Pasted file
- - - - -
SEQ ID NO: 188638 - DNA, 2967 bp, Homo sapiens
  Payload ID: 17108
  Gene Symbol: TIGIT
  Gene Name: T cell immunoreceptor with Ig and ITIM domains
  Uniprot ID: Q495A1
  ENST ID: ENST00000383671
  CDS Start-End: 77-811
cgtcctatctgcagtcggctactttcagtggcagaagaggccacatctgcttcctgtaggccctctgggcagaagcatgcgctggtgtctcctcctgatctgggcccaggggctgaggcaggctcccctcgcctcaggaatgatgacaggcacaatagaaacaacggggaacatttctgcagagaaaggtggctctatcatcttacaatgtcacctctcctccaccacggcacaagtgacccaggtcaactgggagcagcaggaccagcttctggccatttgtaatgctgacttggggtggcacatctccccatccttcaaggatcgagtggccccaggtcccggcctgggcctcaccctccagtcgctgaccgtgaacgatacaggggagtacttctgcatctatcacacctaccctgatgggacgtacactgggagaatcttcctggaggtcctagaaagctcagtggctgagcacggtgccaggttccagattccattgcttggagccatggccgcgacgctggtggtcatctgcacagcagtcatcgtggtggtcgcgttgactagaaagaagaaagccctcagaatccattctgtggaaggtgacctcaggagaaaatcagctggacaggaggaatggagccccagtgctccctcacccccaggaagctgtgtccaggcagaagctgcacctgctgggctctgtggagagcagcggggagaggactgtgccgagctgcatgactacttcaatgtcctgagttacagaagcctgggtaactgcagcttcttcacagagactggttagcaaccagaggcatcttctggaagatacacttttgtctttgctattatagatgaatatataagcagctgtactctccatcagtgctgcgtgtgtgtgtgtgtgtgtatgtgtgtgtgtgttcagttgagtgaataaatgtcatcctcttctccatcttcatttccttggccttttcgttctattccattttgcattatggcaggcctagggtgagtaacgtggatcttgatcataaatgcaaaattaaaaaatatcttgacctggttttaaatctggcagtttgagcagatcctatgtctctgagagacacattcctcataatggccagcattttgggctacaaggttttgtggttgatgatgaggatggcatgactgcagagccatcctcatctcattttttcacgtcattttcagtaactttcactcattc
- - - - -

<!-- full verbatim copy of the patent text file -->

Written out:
SEQ ID NO: 188638 - DNA, 2967 bp, Homo sapiens
  Payload ID: 17108
  Gene Symbol: TIGIT
  Gene Name: T cell immunoreceptor with Ig and ITIM domains
  Uniprot ID: Q495A1
  ENST ID: ENST00000383671
  CDS Start-End: 77-811
cgtcctatctgcagtcggctactttcagtggcagaagaggccacatctgcttcctgtaggccctctgggcagaagcatgcgctggtgtctcctcctgatctgggcccaggggctgaggcaggctcccctcgcctcaggaatgatgacaggcacaatagaaacaacggggaacatttctgcagagaaaggtggctctatcatcttacaatgtcacctctcctccaccacggcacaagtgacccaggtcaactgggagcagcaggaccagcttctggccatttgtaatgctgacttggggtggcacatctccccatccttcaaggatcgagtggccccaggtcccggcctgggcctcaccctccagtcgctgaccgtgaacgatacaggggagtacttctgcatctatcacacctaccctgatgggacgtacactgggagaatcttcctggaggtcctagaaagctcagtggctgagcacggtgccaggttccagattccattgcttggagccatggccgcgacgctggtggtcatctgcacagcagtcatcgtggtggtcgcgttgactagaaagaagaaagccctcagaatccattctgtggaaggtgacctcaggagaaaatcagctggacaggaggaatggagccccagtgctccctcacccccaggaagctgtgtccaggcagaagctgcacctgctgggctctgtggagagcagcggggagaggactgtgccgagctgcatgactacttcaatgtcctgagttacagaagcctgggtaactgcagcttcttcacagagactggttagcaaccagaggcatcttctggaagatacacttttgtctttgctattatagatgaatatataagcagctgtactctccatcagtgctgcgtgtgtgtgtgtgtgtgtatgtgtgtgtgtgttcagttgagtgaataaatgtcatcctcttctccatcttcatttccttggccttttcgttctattccattttgcattatggcaggcctagggtgagtaacgtggatcttgatcataaatgcaaaattaaaaaatatcttgacctggttttaaatctggcagtttgagcagatcctatgtctctgagagacacattcctcataatggccagcattttgggctacaaggttttgtggttgatgatgaggatggcatgactgcagagccatcctcatctcattttttcacgtcattttcagtaactttcactcattc